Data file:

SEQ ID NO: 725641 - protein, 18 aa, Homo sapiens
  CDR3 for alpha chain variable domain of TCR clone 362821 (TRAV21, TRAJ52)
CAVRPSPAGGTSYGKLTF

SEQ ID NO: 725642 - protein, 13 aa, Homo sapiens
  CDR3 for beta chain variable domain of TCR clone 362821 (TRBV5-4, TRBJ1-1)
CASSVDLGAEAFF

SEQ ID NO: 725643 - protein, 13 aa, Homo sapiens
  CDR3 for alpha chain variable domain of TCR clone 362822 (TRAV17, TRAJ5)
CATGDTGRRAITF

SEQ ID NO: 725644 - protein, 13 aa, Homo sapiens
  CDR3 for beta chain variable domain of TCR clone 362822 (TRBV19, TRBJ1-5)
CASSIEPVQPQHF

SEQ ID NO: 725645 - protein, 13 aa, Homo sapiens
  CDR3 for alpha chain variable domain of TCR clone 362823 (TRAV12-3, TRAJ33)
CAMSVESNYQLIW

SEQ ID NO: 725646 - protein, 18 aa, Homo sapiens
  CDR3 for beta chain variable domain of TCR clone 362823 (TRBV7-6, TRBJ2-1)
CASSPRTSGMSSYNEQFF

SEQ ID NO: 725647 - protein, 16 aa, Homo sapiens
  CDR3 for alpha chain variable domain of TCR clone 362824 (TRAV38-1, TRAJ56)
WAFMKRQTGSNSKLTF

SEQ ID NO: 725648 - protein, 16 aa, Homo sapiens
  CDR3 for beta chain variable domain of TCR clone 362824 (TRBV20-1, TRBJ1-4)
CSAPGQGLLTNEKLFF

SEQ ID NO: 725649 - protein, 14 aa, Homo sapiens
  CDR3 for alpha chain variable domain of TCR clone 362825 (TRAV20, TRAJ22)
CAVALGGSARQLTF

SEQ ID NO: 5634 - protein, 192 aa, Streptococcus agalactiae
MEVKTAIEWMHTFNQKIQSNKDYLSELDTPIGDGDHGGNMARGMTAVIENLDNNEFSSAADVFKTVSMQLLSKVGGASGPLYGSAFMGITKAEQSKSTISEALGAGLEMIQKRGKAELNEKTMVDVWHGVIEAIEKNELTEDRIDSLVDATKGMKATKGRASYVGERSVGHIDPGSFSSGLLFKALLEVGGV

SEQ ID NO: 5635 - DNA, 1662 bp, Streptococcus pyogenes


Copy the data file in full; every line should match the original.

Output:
SEQ ID NO: 725641 - protein, 18 aa, Homo sapiens
  CDR3 for alpha chain variable domain of TCR clone 362821 (TRAV21, TRAJ52)
CAVRPSPAGGTSYGKLTF

SEQ ID NO: 725642 - protein, 13 aa, Homo sapiens
  CDR3 for beta chain variable domain of TCR clone 362821 (TRBV5-4, TRBJ1-1)
CASSVDLGAEAFF

SEQ ID NO: 725643 - protein, 13 aa, Homo sapiens
  CDR3 for alpha chain variable domain of TCR clone 362822 (TRAV17, TRAJ5)
CATGDTGRRAITF

SEQ ID NO: 725644 - protein, 13 aa, Homo sapiens
  CDR3 for beta chain variable domain of TCR clone 362822 (TRBV19, TRBJ1-5)
CASSIEPVQPQHF

SEQ ID NO: 725645 - protein, 13 aa, Homo sapiens
  CDR3 for alpha chain variable domain of TCR clone 362823 (TRAV12-3, TRAJ33)
CAMSVESNYQLIW

SEQ ID NO: 725646 - protein, 18 aa, Homo sapiens
  CDR3 for beta chain variable domain of TCR clone 362823 (TRBV7-6, TRBJ2-1)
CASSPRTSGMSSYNEQFF

SEQ ID NO: 725647 - protein, 16 aa, Homo sapiens
  CDR3 for alpha chain variable domain of TCR clone 362824 (TRAV38-1, TRAJ56)
WAFMKRQTGSNSKLTF

SEQ ID NO: 725648 - protein, 16 aa, Homo sapiens
  CDR3 for beta chain variable domain of TCR clone 362824 (TRBV20-1, TRBJ1-4)
CSAPGQGLLTNEKLFF

SEQ ID NO: 725649 - protein, 14 aa, Homo sapiens
  CDR3 for alpha chain variable domain of TCR clone 362825 (TRAV20, TRAJ22)
CAVALGGSARQLTF

SEQ ID NO: 5634 - protein, 192 aa, Streptococcus agalactiae
MEVKTAIEWMHTFNQKIQSNKDYLSELDTPIGDGDHGGNMARGMTAVIENLDNNEFSSAADVFKTVSMQLLSKVGGASGPLYGSAFMGITKAEQSKSTISEALGAGLEMIQKRGKAELNEKTMVDVWHGVIEAIEKNELTEDRIDSLVDATKGMKATKGRASYVGERSVGHIDPGSFSSGLLFKALLEVGGV

SEQ ID NO: 5635 - DNA, 1662 bp, Streptococcus pyogenes